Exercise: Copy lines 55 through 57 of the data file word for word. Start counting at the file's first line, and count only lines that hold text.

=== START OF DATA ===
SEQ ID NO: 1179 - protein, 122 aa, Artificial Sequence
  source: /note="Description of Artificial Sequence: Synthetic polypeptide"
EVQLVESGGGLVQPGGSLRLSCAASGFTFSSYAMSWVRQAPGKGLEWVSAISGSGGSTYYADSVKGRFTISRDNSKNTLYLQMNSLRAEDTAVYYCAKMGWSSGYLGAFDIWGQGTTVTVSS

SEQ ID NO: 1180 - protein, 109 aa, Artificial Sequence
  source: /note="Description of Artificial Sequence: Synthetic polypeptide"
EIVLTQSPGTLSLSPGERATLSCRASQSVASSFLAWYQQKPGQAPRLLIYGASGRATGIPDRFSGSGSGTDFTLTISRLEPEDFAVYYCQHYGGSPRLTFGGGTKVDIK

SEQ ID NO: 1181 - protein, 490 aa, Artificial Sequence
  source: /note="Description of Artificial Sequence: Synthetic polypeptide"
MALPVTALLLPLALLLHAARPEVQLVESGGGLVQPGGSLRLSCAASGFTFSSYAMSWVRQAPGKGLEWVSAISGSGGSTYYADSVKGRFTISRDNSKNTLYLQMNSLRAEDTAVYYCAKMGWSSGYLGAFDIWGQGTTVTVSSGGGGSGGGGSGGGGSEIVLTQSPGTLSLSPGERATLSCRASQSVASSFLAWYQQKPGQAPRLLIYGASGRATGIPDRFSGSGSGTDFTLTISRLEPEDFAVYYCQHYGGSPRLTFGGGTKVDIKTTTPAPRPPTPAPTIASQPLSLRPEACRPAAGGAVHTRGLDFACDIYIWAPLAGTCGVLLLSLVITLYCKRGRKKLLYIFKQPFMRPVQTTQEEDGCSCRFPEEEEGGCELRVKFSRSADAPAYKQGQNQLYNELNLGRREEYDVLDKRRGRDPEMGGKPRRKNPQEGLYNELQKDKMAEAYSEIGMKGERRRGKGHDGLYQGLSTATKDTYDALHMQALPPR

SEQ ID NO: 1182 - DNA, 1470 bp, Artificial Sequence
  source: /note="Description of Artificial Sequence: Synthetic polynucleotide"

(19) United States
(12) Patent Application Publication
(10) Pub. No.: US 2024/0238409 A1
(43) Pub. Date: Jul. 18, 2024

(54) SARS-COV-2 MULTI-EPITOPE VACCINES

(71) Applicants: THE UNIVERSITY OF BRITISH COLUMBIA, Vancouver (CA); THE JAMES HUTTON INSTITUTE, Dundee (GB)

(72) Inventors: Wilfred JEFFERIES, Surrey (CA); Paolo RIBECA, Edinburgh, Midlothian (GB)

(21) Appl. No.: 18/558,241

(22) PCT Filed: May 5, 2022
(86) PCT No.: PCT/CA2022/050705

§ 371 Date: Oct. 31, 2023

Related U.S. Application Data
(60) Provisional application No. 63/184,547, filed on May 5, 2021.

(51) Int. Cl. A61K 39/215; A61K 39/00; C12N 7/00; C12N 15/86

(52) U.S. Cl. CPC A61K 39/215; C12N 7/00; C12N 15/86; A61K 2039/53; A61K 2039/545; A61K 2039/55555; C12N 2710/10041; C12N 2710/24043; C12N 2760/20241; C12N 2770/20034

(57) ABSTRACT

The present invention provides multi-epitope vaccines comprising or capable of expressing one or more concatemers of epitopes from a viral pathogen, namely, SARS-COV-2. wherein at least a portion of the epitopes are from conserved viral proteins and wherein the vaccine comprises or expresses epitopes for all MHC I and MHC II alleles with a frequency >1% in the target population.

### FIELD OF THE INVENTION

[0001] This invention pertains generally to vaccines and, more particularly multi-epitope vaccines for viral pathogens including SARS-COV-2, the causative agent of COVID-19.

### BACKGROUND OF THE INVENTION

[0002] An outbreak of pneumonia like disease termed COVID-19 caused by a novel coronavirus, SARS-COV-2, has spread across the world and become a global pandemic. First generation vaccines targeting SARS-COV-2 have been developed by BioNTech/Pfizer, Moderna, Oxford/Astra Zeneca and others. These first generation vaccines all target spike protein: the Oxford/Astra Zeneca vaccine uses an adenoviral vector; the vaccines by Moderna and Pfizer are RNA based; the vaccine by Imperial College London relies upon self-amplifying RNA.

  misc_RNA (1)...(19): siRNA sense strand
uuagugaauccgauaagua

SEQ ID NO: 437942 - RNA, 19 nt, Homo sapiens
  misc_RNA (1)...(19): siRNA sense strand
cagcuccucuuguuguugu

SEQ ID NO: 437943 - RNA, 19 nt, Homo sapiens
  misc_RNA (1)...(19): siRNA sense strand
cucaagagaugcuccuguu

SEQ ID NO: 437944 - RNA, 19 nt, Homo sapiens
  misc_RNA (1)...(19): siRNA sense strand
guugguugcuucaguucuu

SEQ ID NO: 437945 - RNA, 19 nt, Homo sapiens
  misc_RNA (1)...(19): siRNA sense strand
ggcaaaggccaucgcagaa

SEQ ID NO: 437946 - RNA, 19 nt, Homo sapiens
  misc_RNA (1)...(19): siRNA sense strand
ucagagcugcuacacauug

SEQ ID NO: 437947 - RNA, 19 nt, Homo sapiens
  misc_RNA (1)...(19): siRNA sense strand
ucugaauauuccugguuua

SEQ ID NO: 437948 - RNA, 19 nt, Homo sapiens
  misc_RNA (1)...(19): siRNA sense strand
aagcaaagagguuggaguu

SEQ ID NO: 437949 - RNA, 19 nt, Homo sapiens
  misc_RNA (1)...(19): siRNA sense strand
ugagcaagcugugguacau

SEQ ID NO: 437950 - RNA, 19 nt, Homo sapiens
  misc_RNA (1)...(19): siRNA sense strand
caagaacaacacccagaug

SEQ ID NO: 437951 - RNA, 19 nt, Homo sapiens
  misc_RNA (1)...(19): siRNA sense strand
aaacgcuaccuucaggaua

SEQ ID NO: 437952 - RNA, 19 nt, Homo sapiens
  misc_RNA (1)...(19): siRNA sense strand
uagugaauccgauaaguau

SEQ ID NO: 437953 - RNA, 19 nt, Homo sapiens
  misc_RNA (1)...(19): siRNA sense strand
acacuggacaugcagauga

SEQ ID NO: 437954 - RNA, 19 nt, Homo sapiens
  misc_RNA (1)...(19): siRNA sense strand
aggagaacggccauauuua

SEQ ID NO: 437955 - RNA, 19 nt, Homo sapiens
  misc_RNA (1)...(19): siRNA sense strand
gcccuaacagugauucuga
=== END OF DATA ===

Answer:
aagcaaagagguuggaguu

SEQ ID NO: 437949 - RNA, 19 nt, Homo sapiens
  misc_RNA (1)...(19): siRNA sense strand